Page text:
By Kim Fuller
What an epiphany when I realized that running on snow in the winter was not only accessible, but also more physically sustainable than running on roads, or even trail running in the summer. Accessible because of new advances in foot traction, and sustainable because of the cushion snow gives the ankles, knees and hips, while making your stabilizer muscles work (helpful for long-term injury prevention).
I live in Vail, Colorado, and this time of year, running on snow is readily available, and ideal — certainly preferred over running on ice, or even mud (we’ll leave that until May). The training I do on groomed ski runs (no snowshoes needed) consists of quick interval bouts, as well as extended endurance sessions. Sometimes the snow is soft, and sometimes it’s very firm. Firm days are great on the feet, but cold on the cheeks.
Until recently, I have used the standard Yaktrax sole covers to keep my feet beneath me while snow running or hiking on firmly packed trails. They do the trick, but when I saw others out there with Kahtoola’s new MICROspikes, I knew I had to try them.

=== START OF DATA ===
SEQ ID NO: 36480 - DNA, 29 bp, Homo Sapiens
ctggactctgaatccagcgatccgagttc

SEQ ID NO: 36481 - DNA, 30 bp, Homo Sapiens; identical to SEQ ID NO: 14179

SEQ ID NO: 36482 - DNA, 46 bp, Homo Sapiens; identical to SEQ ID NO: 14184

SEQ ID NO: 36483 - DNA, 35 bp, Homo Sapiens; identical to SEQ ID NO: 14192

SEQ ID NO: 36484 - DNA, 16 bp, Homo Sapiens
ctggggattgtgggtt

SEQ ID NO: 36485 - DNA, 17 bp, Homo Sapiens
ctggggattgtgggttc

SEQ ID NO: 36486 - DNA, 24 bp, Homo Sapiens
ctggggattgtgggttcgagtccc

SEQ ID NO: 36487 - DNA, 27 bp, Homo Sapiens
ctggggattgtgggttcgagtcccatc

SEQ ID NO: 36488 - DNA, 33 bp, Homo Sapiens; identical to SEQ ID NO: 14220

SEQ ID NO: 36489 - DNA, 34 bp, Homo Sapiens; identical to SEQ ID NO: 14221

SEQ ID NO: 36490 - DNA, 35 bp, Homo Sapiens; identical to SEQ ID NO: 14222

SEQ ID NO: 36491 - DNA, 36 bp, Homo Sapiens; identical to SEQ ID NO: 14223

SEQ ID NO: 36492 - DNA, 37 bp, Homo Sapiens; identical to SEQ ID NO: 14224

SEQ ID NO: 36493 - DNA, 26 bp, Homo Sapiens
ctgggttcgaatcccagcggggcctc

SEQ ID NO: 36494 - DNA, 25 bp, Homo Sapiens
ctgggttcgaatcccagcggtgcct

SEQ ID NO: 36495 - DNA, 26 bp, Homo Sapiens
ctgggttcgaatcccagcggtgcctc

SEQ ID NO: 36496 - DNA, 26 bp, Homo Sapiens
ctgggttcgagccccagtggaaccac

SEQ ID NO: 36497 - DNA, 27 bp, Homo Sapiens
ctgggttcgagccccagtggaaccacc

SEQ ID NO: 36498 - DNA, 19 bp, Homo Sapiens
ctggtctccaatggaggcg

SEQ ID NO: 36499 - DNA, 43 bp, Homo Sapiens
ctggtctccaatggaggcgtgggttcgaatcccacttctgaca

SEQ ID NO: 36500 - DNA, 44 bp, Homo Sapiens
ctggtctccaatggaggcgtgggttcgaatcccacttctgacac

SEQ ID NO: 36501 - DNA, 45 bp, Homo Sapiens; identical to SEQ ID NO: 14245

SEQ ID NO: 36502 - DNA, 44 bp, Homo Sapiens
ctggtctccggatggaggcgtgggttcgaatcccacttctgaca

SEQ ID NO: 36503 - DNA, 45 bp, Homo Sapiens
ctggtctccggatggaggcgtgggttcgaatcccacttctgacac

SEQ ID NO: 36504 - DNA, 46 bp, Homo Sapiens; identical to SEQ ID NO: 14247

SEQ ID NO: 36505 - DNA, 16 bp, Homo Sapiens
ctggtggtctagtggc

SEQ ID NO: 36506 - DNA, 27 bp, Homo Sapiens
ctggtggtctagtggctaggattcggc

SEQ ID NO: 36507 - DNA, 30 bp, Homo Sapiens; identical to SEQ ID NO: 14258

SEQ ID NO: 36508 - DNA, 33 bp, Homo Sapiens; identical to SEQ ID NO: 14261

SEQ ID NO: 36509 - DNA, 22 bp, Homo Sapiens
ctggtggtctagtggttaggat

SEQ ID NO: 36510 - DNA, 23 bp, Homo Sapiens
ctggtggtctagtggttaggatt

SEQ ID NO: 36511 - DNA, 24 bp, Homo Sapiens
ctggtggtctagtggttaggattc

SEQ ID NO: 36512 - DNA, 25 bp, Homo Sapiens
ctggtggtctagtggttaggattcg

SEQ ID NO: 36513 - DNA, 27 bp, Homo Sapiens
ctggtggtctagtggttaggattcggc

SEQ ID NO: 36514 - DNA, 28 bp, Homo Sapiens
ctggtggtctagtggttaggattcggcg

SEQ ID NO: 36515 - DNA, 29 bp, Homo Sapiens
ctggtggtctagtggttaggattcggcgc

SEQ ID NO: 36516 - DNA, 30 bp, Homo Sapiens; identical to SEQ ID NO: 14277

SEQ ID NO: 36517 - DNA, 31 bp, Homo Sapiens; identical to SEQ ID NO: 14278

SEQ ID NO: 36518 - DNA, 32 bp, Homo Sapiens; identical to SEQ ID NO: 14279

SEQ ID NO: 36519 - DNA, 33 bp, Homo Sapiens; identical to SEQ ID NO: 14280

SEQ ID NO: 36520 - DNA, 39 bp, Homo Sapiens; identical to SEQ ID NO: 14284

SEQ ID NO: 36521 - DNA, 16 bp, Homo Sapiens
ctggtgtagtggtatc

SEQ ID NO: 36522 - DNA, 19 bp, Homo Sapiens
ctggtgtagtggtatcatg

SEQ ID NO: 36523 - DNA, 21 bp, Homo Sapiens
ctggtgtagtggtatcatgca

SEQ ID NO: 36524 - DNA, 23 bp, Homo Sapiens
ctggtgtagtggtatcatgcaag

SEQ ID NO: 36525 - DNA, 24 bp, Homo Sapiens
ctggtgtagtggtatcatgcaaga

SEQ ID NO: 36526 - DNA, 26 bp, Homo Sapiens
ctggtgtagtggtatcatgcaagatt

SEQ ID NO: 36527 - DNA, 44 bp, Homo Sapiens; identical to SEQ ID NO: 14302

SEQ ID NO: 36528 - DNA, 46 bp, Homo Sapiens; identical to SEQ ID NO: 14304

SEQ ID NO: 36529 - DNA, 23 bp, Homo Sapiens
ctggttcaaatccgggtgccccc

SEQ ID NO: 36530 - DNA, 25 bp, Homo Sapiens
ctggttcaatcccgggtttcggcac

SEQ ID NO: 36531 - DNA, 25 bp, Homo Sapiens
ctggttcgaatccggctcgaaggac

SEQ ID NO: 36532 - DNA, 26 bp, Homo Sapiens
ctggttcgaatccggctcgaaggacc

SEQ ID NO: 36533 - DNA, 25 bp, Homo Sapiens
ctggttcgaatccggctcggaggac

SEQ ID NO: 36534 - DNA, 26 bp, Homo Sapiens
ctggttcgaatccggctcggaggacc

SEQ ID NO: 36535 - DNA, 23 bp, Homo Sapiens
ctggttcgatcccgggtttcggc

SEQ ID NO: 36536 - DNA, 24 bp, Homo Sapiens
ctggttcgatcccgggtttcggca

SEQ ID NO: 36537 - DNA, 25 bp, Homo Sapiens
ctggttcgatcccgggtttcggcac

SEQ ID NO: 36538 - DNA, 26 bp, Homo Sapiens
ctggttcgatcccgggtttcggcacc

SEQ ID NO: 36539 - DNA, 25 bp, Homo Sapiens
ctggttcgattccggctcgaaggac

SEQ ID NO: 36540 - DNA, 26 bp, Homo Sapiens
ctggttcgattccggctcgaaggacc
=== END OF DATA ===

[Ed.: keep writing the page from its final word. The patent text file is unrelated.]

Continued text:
The ice traction system is easy to slip on to running shoes or hikers. I have not tried them on the bigger boots I use for snowshoeing, put the stretch fit of each spiked shoe slip seems it would adapt well to most shoes.
I decided to try the spikes for the recent Vail Mountain Winter Uphill race. It’s a rigorous on-snow mountain run/hike, that climbs from the Lionshead base area to the top of the Eagle’s Nest gondola. I didn’t train with my new spikes, because I didn’t get them in time, but I was definitely impressed with their tight response to each step I took as I made my way up the ski runs.
The ice traction system is meant to work on scree, ice, snow, wet rocks, and event slick sidewalks. From my experience, the spikes are definitely a top-notch way to run and hike on corduroy. If the snow is slightly soft or has a fresh layer of powder on top of the base, the spikes cut through the snow to find traction quickly and securely.
Granted, if the snow is more than a few inches deep, snowshoes are always needed to stay up on the surface.
It took me 55 minutes to get to the top of Vail Mountain for the Uphill. It was a full 20 minutes behind the elite athletes, but my time was fast enough to secure a second-place finish in the 18-29 age group.
Knowing that I didn’t slip back on the snow, not even once, I am sure that Kahtoola’s simple yet effective spikes were a huge asset to a successful race. Next year, I’ll work to improve my time, but there’s no doubt that I’ll be wearing the MICROspikes again.
For more information on Kahtoola and the MICROspikes, visit http://www.kahtoola.com.